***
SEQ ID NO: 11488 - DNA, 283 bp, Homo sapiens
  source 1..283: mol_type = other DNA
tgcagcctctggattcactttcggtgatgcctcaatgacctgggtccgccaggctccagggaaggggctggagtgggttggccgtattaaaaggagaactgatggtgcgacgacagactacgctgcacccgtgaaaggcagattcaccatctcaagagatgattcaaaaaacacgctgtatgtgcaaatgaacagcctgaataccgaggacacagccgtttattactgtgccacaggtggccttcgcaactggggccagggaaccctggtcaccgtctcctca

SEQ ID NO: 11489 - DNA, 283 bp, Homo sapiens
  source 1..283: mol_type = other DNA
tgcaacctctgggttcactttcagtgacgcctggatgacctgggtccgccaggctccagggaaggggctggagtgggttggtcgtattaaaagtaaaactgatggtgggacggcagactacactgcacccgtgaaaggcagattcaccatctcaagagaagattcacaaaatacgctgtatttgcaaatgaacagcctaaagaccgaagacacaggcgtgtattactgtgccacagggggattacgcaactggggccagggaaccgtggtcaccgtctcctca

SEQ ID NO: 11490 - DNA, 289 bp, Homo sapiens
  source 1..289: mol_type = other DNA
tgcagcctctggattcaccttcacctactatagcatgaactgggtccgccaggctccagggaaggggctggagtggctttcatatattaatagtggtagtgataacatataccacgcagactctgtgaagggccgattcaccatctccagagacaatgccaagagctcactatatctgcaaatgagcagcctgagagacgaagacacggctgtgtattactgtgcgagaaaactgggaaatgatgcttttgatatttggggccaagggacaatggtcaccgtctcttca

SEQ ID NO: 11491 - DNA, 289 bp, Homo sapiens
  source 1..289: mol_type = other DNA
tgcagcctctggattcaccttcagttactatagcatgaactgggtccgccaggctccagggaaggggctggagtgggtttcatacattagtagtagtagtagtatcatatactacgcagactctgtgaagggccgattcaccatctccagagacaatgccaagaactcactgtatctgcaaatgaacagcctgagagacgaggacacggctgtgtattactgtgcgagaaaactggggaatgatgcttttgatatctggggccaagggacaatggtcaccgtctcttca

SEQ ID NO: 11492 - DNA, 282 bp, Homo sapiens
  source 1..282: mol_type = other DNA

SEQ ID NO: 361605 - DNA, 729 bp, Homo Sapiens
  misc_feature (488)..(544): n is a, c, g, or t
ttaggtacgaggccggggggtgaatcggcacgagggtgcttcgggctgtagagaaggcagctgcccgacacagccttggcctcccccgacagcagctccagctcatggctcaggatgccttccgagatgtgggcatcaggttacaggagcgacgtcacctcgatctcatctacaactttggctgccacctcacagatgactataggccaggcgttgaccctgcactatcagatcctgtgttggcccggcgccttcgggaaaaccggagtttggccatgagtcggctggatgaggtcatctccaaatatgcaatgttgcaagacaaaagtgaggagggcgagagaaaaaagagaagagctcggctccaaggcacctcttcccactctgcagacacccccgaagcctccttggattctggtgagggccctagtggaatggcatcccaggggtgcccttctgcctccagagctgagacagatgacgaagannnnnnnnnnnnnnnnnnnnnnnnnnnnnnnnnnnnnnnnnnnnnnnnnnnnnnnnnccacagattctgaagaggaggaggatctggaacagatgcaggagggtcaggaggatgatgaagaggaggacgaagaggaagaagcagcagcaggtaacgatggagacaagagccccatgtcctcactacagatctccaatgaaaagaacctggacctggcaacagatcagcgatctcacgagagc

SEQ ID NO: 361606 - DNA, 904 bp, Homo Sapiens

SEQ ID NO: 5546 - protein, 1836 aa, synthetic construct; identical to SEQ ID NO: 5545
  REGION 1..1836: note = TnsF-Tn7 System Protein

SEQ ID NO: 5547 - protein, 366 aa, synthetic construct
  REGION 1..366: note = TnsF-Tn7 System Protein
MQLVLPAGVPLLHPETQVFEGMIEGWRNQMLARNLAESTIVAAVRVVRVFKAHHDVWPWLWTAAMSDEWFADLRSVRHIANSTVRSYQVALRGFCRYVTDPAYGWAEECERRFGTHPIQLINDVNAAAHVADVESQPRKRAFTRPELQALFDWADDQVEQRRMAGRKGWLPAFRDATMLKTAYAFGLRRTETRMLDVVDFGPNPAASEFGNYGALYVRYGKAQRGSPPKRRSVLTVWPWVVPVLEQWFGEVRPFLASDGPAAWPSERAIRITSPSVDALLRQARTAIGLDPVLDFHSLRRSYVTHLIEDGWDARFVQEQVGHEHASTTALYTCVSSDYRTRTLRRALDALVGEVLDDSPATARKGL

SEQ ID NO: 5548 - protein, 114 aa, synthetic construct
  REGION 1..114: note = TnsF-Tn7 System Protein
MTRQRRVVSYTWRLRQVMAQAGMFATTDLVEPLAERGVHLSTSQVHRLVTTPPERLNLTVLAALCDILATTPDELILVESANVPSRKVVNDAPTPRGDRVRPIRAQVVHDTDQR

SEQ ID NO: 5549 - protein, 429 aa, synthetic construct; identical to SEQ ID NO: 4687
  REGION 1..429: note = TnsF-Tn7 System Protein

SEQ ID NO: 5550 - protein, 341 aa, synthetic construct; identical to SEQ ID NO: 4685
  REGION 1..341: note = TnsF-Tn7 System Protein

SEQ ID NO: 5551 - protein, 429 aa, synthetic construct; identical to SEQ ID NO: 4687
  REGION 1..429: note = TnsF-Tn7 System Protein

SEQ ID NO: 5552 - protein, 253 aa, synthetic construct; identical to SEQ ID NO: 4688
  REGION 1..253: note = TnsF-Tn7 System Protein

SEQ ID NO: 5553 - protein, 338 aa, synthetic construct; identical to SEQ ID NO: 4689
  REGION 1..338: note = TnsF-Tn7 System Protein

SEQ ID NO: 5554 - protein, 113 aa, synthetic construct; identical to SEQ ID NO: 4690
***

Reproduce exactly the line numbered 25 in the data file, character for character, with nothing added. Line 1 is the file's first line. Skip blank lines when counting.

  REGION 1..114: note = TnsF-Tn7 System Protein